• Smoothing

### The Frequency Filter Low Pass and Band Stop options can be used to smooth an image. A mask can be used with the Frequency Filter to add localized control as shown above. For details see the Smoothing an Image Using the Frequency Filter tutorial. • Sharpening

### The Frequency Filter High Pass and Band Pass options can be used to sharpen an image. A mask can be used with the Frequency Filter to add localized control as shown above. For details see the Sharpening an Image Using the Frequency Filter tutorial. • Contrast Enhance & High Pass Sharpen

### Contrast can be enhanced and the image sharpened using the Frequency Filter High Pass and Band Pass options with soft light blend mode and opacity as shown above. For details see the Contrast Enhance & High Pass Sharpen Using the Frequency Filter tutorial. • Create Star and Object Masks

### Masks that include or exclude stars, nebulas, and galaxies can be created using the Frequency Filter. For details see the Creating Frequency Masks of Stars, Nebulas, and Galaxies tutorial. • Structured Noise Detection and Removal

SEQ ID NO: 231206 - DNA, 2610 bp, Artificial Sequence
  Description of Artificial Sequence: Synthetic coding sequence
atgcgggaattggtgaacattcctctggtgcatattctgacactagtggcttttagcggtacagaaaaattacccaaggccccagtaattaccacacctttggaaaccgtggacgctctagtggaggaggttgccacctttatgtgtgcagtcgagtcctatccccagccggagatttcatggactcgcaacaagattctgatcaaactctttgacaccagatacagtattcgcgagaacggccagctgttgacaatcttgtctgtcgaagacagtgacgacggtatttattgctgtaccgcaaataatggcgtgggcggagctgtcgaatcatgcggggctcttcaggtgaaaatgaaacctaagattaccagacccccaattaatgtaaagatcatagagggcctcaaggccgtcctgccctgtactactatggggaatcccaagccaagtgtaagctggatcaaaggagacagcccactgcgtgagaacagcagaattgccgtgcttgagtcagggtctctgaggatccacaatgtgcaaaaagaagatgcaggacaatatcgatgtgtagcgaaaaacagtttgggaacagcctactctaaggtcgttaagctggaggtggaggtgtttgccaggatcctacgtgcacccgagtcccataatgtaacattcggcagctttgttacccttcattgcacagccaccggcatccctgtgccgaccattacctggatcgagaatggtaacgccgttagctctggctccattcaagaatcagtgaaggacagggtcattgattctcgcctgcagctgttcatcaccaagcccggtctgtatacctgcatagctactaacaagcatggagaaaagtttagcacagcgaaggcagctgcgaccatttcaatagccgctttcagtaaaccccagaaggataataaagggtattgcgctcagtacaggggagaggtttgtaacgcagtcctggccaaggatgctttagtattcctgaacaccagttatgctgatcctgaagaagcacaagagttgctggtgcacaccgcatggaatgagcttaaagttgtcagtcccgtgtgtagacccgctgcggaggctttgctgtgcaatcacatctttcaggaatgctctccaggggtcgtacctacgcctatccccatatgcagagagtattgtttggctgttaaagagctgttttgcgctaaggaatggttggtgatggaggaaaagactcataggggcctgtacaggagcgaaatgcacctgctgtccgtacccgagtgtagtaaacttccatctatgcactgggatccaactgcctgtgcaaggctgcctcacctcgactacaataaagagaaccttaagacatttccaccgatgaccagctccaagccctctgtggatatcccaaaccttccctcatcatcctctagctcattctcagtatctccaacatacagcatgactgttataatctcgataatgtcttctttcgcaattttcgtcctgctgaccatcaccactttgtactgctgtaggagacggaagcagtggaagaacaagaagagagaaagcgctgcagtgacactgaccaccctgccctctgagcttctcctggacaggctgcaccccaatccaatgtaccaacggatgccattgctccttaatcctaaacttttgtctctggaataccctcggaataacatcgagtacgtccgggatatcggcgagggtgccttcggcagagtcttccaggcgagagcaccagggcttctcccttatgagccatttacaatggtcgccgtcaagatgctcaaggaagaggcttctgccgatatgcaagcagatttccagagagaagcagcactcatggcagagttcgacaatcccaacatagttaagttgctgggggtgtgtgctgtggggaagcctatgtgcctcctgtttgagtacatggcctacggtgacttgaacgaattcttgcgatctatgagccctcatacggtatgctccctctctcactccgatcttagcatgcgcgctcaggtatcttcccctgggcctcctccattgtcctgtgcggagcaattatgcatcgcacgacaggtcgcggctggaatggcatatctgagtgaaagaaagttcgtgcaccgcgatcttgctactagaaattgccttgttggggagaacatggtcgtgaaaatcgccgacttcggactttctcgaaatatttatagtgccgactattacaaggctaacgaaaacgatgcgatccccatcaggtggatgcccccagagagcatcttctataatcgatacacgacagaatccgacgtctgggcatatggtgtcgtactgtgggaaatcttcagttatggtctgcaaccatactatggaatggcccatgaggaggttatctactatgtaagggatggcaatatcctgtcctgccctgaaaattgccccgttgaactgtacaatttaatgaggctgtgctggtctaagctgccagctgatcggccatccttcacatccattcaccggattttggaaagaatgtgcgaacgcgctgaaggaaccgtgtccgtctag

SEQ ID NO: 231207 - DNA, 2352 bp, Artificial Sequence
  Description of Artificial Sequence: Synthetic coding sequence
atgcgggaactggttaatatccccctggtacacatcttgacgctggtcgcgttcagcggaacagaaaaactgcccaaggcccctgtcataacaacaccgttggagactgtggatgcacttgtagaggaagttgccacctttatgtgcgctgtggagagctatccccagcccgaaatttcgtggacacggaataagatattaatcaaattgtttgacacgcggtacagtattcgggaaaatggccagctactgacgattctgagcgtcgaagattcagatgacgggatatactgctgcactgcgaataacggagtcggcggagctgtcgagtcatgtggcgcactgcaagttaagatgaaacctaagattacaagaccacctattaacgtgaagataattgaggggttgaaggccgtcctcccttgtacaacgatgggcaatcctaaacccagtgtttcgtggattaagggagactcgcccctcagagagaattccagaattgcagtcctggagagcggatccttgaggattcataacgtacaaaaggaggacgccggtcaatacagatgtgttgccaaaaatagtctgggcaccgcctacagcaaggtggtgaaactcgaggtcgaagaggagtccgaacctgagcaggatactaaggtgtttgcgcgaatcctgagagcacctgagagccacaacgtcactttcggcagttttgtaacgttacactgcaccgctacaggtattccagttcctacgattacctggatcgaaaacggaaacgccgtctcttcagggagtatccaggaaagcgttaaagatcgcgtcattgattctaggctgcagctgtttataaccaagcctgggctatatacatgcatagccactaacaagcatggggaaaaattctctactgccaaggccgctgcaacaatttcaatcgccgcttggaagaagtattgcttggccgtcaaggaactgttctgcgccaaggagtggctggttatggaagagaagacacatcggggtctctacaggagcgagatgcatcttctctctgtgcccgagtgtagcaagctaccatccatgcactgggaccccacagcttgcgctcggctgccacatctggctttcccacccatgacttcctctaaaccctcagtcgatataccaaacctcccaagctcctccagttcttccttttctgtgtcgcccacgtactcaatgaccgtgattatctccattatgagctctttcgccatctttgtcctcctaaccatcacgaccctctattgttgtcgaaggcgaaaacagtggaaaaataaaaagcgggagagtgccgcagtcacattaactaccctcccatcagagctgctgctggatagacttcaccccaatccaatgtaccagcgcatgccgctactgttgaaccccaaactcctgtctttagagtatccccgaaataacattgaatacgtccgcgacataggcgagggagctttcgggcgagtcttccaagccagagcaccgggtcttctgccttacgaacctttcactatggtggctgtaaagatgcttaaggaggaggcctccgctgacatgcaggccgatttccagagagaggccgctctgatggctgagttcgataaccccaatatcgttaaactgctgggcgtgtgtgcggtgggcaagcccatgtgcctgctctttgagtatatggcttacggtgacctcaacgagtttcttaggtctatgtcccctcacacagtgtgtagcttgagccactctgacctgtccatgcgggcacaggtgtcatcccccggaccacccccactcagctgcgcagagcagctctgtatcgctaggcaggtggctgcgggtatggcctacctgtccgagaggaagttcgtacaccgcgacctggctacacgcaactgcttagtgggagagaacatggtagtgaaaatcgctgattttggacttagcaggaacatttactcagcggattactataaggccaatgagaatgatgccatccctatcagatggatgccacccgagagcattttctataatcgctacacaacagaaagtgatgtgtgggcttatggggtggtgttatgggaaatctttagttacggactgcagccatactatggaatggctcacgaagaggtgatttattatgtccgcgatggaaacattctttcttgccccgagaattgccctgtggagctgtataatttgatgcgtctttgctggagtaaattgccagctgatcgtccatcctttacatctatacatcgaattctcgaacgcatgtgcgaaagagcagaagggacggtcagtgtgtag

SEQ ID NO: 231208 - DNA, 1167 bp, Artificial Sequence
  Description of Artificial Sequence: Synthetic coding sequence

### The Frequency Filter can be used to remove structured noise such as line patterns. For details see the Removing Structured Noise in the Frequency Domain tutorial. ### Structured or periodic noise of a DSLR, one shot color CCD, and monochrome CCD camera that is not removed by calibration or stacking can be detected by the frequency spectrum using the Frequency Filter shown above. The vertical and horizontal lines in the spectrum of a bias frame with an average bias subtracted show the frequencies of the structured noise. Structured fixed pattern noise can be removed using the Smooth Sharpen | Split Frequency Spectrum tool. For details see the Compute, Display, & Remove Residual Structured Noise After Calibration and Stacking tutorial.